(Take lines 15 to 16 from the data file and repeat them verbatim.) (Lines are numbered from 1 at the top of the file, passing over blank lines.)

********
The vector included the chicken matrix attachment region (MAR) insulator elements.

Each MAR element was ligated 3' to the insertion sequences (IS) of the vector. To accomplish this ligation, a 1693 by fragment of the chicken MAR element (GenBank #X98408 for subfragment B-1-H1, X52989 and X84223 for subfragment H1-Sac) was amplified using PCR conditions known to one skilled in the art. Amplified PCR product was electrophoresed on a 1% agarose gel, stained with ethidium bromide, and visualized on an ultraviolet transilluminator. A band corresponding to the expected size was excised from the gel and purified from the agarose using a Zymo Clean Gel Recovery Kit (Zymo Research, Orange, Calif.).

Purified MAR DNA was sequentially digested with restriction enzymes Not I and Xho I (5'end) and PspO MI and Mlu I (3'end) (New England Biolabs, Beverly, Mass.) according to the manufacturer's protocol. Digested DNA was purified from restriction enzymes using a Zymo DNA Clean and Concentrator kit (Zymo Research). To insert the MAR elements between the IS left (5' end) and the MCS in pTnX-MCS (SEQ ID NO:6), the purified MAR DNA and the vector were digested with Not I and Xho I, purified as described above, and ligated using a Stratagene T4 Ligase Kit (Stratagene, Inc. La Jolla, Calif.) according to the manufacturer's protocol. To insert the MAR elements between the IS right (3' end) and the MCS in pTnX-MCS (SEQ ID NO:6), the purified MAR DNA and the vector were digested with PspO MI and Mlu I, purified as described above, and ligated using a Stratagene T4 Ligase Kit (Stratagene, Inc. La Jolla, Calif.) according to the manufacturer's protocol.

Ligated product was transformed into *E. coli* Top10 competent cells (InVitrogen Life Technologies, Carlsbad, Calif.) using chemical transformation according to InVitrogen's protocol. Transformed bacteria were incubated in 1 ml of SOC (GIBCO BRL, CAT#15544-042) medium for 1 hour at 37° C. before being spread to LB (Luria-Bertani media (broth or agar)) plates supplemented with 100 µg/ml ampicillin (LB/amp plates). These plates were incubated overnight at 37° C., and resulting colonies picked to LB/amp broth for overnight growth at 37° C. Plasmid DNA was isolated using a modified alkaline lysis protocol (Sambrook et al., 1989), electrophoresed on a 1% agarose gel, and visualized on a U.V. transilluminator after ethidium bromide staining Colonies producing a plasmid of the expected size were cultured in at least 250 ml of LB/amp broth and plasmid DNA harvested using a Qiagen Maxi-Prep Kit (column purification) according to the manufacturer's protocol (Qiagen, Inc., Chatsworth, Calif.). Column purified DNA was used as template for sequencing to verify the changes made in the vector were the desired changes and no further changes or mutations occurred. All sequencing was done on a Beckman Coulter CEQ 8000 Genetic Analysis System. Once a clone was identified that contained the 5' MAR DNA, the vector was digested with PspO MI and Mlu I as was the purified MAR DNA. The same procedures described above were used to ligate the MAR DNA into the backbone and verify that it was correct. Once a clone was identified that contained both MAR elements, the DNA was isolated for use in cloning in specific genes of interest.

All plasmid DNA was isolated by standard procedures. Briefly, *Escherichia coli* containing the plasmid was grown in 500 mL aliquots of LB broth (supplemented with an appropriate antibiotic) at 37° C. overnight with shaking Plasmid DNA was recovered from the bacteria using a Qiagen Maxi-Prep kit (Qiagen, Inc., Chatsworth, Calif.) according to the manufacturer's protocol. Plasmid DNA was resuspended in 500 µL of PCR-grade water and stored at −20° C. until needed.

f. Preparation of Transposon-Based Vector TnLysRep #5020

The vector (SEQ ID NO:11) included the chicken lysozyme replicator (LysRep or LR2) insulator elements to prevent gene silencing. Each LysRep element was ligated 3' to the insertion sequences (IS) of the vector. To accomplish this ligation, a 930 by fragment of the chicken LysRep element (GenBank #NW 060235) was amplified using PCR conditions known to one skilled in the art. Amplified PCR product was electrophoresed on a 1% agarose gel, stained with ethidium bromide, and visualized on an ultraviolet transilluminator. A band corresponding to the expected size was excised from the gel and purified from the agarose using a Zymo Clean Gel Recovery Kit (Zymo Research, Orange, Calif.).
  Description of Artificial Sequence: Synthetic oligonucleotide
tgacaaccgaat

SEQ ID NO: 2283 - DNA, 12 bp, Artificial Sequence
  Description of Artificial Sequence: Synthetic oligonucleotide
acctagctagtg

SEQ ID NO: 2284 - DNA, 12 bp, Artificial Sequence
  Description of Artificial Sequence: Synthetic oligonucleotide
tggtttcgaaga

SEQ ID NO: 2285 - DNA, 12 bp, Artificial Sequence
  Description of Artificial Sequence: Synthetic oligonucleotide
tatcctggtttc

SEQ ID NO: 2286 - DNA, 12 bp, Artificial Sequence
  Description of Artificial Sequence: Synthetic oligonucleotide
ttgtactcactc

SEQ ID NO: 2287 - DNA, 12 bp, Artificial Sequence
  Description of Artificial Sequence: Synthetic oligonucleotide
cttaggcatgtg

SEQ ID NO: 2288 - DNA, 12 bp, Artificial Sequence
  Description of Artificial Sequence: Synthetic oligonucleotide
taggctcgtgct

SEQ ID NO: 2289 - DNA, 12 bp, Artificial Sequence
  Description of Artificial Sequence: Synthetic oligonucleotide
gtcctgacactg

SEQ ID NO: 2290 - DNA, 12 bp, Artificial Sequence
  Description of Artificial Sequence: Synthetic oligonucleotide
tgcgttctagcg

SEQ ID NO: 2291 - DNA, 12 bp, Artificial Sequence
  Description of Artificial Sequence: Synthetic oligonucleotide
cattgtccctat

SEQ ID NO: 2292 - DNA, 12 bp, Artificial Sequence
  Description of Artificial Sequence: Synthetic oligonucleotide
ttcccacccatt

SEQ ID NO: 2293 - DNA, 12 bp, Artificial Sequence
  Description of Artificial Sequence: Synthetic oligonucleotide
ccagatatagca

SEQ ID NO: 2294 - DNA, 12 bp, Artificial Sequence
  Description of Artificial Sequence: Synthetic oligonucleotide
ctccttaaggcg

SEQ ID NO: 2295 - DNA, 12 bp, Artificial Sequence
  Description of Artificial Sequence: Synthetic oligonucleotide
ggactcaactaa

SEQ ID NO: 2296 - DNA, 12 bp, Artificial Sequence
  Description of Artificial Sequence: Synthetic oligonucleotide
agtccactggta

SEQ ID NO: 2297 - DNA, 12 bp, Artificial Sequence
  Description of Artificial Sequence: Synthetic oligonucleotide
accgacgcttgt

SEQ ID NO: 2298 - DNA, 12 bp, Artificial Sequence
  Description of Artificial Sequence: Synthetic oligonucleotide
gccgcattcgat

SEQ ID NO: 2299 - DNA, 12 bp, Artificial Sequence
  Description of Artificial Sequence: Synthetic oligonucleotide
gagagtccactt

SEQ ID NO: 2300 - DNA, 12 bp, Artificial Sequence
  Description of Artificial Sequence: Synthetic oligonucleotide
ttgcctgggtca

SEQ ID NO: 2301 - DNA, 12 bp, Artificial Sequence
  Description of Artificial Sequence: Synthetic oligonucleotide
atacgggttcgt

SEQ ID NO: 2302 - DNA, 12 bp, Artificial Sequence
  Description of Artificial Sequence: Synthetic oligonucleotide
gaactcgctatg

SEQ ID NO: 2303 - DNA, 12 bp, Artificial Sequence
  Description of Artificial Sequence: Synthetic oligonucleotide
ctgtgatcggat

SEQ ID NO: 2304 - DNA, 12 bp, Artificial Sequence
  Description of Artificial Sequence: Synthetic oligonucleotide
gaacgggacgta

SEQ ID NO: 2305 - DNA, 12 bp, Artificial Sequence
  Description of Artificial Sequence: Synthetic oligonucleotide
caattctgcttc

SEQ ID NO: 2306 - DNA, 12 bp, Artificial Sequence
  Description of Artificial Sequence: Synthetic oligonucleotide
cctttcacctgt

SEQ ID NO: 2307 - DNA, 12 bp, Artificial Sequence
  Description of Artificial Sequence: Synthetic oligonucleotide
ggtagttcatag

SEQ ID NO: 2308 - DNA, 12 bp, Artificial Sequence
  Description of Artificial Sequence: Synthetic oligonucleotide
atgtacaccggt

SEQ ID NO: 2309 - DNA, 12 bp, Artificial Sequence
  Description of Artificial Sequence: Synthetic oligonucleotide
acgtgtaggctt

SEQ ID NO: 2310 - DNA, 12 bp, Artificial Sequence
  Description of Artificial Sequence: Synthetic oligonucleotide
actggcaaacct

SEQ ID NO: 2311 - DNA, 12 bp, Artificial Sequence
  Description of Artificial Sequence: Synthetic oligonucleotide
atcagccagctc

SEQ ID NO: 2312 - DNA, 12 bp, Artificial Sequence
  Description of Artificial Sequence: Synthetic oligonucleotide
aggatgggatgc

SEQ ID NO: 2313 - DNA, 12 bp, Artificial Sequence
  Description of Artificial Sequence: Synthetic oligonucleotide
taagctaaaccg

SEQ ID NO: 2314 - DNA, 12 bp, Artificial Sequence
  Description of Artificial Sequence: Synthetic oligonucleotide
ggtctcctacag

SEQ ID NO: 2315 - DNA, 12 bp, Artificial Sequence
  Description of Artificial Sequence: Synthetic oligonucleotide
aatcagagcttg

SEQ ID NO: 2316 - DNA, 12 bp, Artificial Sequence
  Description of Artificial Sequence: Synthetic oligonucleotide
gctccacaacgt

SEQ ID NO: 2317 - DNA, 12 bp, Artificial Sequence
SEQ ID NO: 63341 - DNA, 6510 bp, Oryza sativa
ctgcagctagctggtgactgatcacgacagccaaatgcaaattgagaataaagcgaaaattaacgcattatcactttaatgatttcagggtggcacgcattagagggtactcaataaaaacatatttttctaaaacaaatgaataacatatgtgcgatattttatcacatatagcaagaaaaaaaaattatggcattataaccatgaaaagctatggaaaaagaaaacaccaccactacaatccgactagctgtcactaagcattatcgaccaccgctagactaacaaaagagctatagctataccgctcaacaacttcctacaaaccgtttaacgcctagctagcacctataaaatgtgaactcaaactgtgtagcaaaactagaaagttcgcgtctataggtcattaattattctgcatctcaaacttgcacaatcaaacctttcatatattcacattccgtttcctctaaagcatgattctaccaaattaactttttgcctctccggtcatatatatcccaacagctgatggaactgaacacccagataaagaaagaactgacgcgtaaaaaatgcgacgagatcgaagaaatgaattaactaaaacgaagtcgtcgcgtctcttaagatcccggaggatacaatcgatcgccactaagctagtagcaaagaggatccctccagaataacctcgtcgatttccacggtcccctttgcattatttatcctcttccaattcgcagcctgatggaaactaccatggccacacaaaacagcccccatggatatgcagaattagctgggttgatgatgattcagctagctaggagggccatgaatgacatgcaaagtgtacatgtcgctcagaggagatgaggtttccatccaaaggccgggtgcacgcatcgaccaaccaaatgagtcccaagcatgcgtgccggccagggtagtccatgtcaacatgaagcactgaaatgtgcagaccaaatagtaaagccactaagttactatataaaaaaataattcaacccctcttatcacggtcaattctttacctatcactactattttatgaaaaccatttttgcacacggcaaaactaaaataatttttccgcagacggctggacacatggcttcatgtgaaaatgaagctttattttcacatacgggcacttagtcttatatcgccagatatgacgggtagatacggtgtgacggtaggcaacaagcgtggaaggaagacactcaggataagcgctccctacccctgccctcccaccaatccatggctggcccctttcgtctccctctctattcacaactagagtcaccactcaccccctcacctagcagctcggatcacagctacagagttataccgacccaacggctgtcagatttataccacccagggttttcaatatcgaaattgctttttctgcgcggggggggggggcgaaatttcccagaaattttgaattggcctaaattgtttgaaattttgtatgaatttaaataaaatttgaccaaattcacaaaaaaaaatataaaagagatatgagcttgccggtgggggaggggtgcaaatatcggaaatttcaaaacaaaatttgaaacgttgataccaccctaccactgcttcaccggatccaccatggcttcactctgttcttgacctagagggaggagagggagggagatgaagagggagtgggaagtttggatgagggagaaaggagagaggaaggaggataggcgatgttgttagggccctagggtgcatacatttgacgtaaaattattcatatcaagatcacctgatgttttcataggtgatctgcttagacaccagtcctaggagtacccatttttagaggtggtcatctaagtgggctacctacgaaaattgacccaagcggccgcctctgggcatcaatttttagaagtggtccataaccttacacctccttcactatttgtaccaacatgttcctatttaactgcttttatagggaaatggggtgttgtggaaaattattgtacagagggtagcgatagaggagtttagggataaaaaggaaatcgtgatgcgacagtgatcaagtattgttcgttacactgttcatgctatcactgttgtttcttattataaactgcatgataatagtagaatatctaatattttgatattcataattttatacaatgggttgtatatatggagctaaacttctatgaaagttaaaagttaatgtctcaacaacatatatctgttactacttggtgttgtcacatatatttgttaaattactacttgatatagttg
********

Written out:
tggtttcgaaga

SEQ ID NO: 2285 - DNA, 12 bp, Artificial Sequence